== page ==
Memorandum of Wishes
When a Trust is established, the settlor usually has an intended purpose for the Trust, both during their lifetime and after their death. A Memorandum of Wishes allows the settlor of the Trust to inform the trustees what these intentions are.
Wednesday, April 4th 2001, 5:11PM
The trustees of a discretionary Family Trust need to have some direction from the settlors as to how the Trust should be run and how they should use their powers of discretion. The Trust Deed will provide some of this information, such as who the discretionary beneficiaries are, but guidance for the trustees in relation to other areas may be advisable if the settlors intended purpose is to be achieved. This is a fairly simple document, which can be easily changed as family circumstances change.
Areas covered by a Trust’s Memorandum of Wishes may include:
The maximum term that a Trust can run for is 80 years (with the exception of Charitable Trusts that can continue into perpetuity). However, Trust Deeds generally allow for distribution prior to this time if the trustees agree in writing to do so. The trustees, as independent parties, would need to know how long the settlor intended the Trust to run to effectively perform their duties.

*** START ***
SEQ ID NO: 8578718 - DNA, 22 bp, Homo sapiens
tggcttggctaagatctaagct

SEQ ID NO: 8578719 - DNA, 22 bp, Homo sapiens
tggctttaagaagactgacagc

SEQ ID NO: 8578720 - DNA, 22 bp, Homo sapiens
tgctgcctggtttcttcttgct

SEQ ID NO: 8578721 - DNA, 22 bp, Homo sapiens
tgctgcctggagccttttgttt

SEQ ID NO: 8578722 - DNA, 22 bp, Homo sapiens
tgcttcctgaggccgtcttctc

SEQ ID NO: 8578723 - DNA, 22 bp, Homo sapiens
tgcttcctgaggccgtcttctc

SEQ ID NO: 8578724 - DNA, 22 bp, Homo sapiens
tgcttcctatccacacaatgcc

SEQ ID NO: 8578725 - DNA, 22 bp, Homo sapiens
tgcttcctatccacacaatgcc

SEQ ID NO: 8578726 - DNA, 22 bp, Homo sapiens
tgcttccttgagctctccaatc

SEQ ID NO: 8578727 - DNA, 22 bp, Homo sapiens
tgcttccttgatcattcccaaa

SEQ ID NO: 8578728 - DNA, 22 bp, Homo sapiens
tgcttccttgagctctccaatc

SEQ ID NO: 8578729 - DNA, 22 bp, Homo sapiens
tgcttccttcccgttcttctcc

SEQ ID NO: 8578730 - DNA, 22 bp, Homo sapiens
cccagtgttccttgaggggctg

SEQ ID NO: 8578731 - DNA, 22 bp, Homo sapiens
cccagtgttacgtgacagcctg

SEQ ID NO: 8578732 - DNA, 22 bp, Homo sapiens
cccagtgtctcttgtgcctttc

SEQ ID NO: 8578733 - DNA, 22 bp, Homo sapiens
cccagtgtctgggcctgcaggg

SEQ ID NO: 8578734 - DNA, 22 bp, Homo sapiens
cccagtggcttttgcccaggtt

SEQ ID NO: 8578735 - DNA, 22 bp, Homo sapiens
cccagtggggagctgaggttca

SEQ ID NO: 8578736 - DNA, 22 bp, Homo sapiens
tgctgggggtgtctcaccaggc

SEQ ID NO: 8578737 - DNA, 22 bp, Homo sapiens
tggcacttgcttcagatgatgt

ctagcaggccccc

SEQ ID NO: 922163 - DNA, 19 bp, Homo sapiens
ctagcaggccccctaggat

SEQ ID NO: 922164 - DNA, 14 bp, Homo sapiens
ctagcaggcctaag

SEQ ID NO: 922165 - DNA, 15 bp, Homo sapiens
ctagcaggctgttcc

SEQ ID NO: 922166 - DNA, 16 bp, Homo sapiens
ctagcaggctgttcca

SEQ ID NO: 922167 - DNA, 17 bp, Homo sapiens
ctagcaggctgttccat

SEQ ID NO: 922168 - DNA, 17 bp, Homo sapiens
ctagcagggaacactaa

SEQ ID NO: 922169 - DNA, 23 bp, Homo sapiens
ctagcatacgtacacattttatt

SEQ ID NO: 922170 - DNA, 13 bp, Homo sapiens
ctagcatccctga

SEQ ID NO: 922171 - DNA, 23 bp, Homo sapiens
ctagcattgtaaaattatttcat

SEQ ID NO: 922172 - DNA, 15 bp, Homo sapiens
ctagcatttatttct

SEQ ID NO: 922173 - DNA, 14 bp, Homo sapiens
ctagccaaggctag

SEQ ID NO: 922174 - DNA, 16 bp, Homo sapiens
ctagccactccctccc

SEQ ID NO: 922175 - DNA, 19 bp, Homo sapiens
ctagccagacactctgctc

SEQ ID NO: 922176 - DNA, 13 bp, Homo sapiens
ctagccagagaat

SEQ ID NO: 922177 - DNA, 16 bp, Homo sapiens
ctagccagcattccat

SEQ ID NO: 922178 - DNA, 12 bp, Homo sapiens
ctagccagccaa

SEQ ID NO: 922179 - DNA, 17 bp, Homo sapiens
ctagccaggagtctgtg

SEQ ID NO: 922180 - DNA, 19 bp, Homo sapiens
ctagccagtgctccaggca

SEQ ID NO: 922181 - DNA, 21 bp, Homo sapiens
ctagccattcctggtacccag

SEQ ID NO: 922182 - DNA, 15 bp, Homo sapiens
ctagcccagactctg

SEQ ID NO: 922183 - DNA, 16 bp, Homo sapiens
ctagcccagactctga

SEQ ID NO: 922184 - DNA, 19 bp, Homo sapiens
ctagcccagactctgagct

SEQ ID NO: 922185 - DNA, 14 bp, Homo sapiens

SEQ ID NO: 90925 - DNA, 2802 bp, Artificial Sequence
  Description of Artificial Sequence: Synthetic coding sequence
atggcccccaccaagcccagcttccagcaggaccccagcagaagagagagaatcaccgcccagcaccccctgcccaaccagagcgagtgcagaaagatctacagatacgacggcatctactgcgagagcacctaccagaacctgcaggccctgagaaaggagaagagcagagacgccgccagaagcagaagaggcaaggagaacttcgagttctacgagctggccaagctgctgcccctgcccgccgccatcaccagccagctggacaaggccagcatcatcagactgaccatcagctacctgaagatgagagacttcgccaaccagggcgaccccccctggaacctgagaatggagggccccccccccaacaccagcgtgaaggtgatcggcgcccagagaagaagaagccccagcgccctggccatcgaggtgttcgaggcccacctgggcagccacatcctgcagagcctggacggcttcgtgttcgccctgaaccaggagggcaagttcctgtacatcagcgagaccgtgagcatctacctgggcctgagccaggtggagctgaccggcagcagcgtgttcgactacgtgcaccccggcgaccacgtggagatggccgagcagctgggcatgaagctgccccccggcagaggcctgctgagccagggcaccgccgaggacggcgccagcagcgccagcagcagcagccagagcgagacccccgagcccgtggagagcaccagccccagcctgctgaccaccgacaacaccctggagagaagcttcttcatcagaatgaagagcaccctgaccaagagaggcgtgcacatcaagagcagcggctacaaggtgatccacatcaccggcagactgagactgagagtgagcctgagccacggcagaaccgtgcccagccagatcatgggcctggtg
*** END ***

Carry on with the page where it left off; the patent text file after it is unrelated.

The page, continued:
The trustees are charged with managing assets held within a Trust on behalf of the beneficiaries. The Memorandum of Wishes can provide the trustees with guidance in setting the strategy they should maintain both while the settlors are alive and after their death.
Similarly, intentions regarding how and when the income and capital of the Trust is distributed can be set out in a Memorandum of Wishes. These may include whether all beneficiaries are to be treated equally or whether specific circumstances should be taken into consideration when making distributions. The settlors may also indicate that they intend for some or all of the income added to the capital of the Trust each year to enable further growth, or that all income be distributed to the beneficiaries.
Trustees also have general discretionary powers in relation to the management of the Trust. A Memorandum of Wishes can direct how the trustees exercise these powers during the life of the Trust.
It should be noted that while a Memorandum of Wishes is not a legally binding document, it is a useful addendum to the Trust Deed to provide guidance to the trustees on how the trust should be managed.
The above information is of a general nature only as everyone’s personal circumstances are different.
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